Why is Google so Fast?

calendarNovember 5, 2007 in HTTP , Optimization

It’s no coincidence that the most successful search engine on the planet is also the fastest to return results. Here are some time charts from HttpWatch for Google and its two closest competitors; Yahoo and Live.com:

Google.com returns its results page in 0.155 seconds:

Timechart for Google results page

Live.com returns its results page in 0.619 seconds:

Timechart for Live.com results page

Yahoo returns its results page in 1.131 seconds:

Timechart for Yahoo results page

These screen shots were created by visiting the home page of each search engine with an empty cache and then entering a search term while recording with the free, Basic Edition of HttpWatch

After clicking the ‘Search’ button, the results of the keyword search are delivered by Google approximately four times faster than Live.com and seven times faster than Yahoo. How do they manage to do this?

Clearly, the time taken to lookup the results for a keyword is crucial and there’s no denying that Google’s distributed super-computer reputedly running on a cluster of one hundred thousand servers is at the heart of that. However, Google has also optimized the results page by applying two of the most important aspects of web site performance tuning:

  • Make less HTTP requests
  • Minimized the size of the downloaded data

The Google results page requires only one network round-trip compared to the four and eight round-trips required by Live.com and Yahoo respectively. They have achieved this by ensuring that the results page has no external dependencies. All its style information and javascript code has been in-lined with <style> and <script> tags.

You might be wondering how the Google logo and other images are rendered on the results page since Internet Explorer does not support in-lined image data. Well, that’s a little more subtle. When the user visits the Google home page, the image nav_logo3.png is pre-loaded by some background javascript (hence the separate page group in HttpWatch):

Pre-loading of Nav_logo3.png

The image wasn’t actually displayed on the home page but it was forced into the browser’s cache. When the search results page is rendered by the browser, it doesn’t need to fetch the image from google.com because it already has a local copy. It didn’t even register in HttpWatch as a (Cache) result because Internet Explorer loaded the item directly from its in-memory image cache.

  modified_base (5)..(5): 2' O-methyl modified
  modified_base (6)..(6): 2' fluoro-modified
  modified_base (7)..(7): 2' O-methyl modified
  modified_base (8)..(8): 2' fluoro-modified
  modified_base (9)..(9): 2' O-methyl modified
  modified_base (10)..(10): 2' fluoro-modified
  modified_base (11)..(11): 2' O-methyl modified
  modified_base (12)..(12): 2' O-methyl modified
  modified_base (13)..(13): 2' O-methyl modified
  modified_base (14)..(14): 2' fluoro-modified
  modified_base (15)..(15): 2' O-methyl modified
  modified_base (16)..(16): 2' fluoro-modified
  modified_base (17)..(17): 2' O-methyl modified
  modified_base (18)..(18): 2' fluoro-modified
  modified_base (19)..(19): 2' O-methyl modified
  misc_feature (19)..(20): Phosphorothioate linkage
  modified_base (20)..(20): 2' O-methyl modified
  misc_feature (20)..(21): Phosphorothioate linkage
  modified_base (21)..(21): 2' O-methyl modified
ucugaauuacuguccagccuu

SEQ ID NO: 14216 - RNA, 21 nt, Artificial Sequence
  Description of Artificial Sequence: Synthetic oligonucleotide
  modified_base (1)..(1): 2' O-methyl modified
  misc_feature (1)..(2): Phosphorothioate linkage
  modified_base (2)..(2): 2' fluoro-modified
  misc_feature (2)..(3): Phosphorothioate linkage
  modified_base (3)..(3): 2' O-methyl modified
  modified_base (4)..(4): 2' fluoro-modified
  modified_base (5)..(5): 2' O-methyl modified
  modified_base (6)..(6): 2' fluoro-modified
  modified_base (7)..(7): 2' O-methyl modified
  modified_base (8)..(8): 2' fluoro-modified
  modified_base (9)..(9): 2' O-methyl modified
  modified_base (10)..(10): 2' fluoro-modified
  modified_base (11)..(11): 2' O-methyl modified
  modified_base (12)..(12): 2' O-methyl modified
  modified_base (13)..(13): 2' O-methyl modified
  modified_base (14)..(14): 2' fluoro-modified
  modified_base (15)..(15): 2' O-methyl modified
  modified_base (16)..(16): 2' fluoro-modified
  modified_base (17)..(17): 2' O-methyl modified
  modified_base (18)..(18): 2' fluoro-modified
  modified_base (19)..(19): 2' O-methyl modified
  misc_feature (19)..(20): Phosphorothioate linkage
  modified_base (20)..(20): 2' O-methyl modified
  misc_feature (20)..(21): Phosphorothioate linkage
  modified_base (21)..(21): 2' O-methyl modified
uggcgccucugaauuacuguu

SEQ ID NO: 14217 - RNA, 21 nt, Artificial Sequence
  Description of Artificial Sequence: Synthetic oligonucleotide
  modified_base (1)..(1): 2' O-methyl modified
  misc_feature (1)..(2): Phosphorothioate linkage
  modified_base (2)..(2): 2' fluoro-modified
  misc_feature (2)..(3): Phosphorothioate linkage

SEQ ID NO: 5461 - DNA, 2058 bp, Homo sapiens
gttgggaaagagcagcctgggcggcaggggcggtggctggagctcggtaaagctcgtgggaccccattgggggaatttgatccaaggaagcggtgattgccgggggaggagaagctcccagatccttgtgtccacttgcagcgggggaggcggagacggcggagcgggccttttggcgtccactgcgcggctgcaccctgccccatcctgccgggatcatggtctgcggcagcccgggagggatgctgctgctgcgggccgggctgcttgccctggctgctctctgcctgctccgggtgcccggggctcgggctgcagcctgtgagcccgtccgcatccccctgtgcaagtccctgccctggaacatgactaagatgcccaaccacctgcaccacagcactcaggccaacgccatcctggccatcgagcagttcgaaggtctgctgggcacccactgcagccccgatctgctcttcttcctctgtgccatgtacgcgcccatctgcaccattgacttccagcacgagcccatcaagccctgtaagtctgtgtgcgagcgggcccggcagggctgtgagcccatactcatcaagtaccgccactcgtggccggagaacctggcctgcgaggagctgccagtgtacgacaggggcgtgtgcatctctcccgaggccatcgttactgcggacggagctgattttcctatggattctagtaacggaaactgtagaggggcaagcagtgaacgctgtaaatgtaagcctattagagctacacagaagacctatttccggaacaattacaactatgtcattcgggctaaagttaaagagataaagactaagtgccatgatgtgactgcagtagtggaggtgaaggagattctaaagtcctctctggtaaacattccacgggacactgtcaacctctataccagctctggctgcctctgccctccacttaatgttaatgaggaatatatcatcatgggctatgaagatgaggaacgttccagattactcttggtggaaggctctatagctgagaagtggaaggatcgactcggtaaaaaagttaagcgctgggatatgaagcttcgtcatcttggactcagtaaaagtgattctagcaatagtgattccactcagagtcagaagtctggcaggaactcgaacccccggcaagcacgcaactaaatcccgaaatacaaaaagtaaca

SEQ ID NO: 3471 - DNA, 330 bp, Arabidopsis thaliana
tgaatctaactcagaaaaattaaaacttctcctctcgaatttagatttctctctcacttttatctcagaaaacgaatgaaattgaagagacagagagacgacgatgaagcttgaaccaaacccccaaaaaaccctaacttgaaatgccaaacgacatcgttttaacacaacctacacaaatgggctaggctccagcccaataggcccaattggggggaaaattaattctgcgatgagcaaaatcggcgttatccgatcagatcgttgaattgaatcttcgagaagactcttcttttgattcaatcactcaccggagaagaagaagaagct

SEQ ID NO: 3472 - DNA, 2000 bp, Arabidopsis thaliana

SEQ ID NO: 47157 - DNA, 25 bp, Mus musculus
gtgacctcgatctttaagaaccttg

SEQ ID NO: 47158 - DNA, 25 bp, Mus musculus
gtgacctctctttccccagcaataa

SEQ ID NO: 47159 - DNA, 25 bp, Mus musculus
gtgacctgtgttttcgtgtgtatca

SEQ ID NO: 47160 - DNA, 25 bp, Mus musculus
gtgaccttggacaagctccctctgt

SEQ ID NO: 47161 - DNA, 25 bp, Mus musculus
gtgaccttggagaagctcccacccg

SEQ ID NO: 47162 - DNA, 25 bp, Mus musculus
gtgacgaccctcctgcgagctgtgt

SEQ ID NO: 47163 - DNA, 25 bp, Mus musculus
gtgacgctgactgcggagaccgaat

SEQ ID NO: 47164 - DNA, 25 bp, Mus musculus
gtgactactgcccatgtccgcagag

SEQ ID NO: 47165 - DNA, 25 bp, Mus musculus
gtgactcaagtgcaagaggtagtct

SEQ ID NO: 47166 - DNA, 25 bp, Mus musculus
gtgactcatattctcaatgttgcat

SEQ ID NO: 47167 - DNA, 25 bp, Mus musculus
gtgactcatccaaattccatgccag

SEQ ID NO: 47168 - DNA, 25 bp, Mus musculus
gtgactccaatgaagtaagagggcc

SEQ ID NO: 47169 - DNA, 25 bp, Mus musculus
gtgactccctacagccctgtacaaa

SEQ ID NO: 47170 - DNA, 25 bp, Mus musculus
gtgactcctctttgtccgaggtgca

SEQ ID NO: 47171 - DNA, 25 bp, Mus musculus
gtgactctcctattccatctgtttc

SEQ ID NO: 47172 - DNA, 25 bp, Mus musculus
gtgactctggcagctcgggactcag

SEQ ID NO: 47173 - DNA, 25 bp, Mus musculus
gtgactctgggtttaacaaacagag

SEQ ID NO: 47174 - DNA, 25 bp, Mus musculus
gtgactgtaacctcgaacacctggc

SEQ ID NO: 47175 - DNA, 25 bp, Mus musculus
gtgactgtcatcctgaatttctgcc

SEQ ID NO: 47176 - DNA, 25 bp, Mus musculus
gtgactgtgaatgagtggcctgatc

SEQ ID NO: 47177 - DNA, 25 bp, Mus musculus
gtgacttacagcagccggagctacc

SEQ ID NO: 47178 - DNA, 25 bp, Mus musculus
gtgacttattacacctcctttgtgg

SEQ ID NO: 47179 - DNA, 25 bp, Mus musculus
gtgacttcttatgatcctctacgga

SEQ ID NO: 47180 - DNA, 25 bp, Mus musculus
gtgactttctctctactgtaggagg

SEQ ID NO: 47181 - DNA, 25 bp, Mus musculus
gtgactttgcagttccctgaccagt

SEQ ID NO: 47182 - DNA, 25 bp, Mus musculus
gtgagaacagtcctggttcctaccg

As you can see from the screenshot, nav_logo3.png doesn’t just contain the Google logo. It also has a set of arrows and the Google Checkout logo. This is because the results page uses a technique called CSS Sprites. All the images used on the results page are carefully sliced out of this single aggregate image with the CSS background-position attribute. The use of this technique has allowed Google to load the search page images in a single round-trip.

The other major advantage of the Google results page, over its competitors, is the amount of data that is downloaded. You can see this by looking at the highlighted values in the HttpWatch page summaries:

Google results page summary

Live.com results page summary

Yahoo results page summary

The Google results page only requires 6 KB of data to be downloaded, whereas Live.com requires 16 KB and 57 KB for Yahoo. All three search engines use HTTP compression, but Google’s results page requires less data because:

  1. Their page is simpler so it requires less HTML
  2. They’ve avoided extra round-trips for script and CSS. Each round trip requires HTTP response headers and adds to the total amount of data that has to be downloaded. In addition, HTTP compression tends to be more efficient on a single large request rather than several smaller requests.
  3. The HTML is written to minimize size at the expense of readability. It contains very little white space, no comments and uses short variable names and ids.

Not only do these techniques improve the performance of the Google results page, they have the added benefit of reducing the load on the Google web servers.

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